I have always envied women who can wear saris effortlessly and gracefully. I have never been quite able to crack it. I can wear them. After about seven attempts and 41safety pins (a girl’s best friend), it can even look passably elegant. But if truth be told, I have never quite mastered the art and therefore, can never be one of those marvellous super women-types who just get up in the morning and glide into a sari without any fuss or tears.
My standard operating practise when confronted with a sari-wearing occasion is to
a) Avoid: Duck the occasion altogether (ah, wishful thinking)
b) Substitute: Give feeble excuses and turn up in a Salwar Kameez.
c) Sulk and comply: Throw tantrums, fret, curse, and then finally wear it (with the help of Ma or any handy female) with a martyred air and totter to whichever function. This, after turning most of the room upside down and getting into at least one spat (with the mother, – “WHY the HELL can’t you drape it properly-you have thirty years of practise?”/ “No I will NOT wear those rib-cracking-circulation-stopping blouses. I don’t care if people call it a tee-shirt. At least I don’t get asphyxiated ”/”Stick a pin there, and there and there as well, you missed that spot, OUCH!!!” or with the husband, “ hope in the next janam you are born an Indian woman and have to wear saris everyday” or the more pithy “Eff off”)
d)In a rare burst of enthusiasm, decide to drape it without any help and do so successfully. Only figure out that it has been arrayed in the mirror image of the more conventional left shouldered way after the mother goes into peals of raucous and unseemly laughter.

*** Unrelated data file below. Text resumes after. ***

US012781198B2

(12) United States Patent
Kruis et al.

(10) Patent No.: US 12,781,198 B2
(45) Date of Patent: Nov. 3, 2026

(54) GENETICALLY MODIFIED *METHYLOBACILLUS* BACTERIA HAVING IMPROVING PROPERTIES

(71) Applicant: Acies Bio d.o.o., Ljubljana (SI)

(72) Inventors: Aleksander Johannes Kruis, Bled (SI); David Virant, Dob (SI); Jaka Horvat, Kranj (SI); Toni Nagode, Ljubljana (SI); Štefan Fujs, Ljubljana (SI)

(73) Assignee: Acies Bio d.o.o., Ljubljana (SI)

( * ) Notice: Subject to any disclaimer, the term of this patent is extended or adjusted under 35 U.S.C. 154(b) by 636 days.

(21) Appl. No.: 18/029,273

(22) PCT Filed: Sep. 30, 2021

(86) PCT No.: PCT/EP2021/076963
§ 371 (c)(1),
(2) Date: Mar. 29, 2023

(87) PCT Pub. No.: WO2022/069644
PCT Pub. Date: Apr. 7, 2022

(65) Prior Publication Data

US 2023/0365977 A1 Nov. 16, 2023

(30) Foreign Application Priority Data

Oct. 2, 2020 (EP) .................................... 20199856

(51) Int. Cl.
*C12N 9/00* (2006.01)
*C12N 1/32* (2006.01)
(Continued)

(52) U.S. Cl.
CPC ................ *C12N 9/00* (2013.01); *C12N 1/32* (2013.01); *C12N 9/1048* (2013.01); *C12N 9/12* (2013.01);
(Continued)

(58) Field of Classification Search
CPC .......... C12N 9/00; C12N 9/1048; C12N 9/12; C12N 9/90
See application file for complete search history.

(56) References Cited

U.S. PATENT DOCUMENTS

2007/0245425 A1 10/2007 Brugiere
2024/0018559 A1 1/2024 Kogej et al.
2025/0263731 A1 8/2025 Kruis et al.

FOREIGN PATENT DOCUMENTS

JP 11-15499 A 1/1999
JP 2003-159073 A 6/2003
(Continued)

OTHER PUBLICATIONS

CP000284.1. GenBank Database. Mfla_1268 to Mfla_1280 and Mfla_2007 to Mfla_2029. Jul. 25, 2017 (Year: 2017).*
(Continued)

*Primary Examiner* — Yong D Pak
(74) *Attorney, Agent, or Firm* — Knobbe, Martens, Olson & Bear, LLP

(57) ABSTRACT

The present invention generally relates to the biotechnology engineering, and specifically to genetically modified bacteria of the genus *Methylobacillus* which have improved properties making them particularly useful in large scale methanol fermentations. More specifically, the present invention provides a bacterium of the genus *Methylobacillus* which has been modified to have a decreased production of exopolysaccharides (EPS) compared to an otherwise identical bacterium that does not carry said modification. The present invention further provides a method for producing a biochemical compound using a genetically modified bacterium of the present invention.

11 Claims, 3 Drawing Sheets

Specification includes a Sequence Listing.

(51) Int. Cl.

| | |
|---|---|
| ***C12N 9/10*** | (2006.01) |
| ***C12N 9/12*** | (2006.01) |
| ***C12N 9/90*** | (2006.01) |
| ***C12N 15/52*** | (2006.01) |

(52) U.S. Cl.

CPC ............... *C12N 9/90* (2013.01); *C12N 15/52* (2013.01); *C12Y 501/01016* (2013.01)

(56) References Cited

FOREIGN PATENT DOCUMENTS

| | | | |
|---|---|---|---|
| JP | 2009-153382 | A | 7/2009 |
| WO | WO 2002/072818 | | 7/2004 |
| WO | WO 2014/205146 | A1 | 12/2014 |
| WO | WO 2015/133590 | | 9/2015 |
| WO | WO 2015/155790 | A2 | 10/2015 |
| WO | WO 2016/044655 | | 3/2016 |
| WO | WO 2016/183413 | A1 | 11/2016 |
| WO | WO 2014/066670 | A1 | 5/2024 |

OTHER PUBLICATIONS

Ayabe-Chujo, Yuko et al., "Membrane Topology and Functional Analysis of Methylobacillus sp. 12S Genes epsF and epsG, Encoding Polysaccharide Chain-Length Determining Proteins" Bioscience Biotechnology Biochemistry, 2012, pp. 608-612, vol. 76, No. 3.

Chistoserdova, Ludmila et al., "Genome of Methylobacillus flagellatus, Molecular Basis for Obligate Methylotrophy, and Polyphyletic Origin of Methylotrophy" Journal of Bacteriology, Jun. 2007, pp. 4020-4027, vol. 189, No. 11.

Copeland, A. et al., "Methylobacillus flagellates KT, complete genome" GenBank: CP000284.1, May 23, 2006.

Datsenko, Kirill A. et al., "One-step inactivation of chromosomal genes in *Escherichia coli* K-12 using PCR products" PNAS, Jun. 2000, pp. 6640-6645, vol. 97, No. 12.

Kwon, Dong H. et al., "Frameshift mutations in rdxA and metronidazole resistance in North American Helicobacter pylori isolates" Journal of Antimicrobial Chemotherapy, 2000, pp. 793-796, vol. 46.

My first brush with the sari started somewhere in late school. Till then, I had quite successfully managed to avoid coming within lassoing distance of them despite the occasional traditional /teacher’s day scare.
Let’s forward to Class 9, Hyderabad.
Our much esteemed (!) and very I-know-which-side-my-bread-is-buttered-and-will-do-sell-my-grandmother-let-alone-these-useless-students-for-money Owner/Principal manages to get the school invited for some inter-state- competition. As a gesture of goodwill (to the rich dignitaries) and revenge (on the hapless female students), she mandates that we don costumes of the participating states and sashay down the grounds.
Some evil star prompts the organizer to allocate a Bengali sari to me. The Bengali traditional sari – the one which is the lovely red and white (Think Parineeta) which is distinguished by the fact that it has ABSOLUTELY no pleats in front. The same all-important-pleats which allow the wearer some moving and breathing space. This one is to be worn more like a crepe bandage- viz. just rolled around the wearer. Also as with the crepe, the key focus seems to be to restrict and impede any free movement (the dainty, femininity thing l I assume).
Definitely not the ideal way to initiate a semi-tomboy into the intricacies of the garment.
Somehow I manage to shuffle, waddle, and roll myself to the parade grounds with other similarly suffering schoolmates - accompanied by distressingly forthright commentary from the boys. Once there, we are told, that we need to perambulate the ground (which incidentally are flanked by er..nubile young jawaans).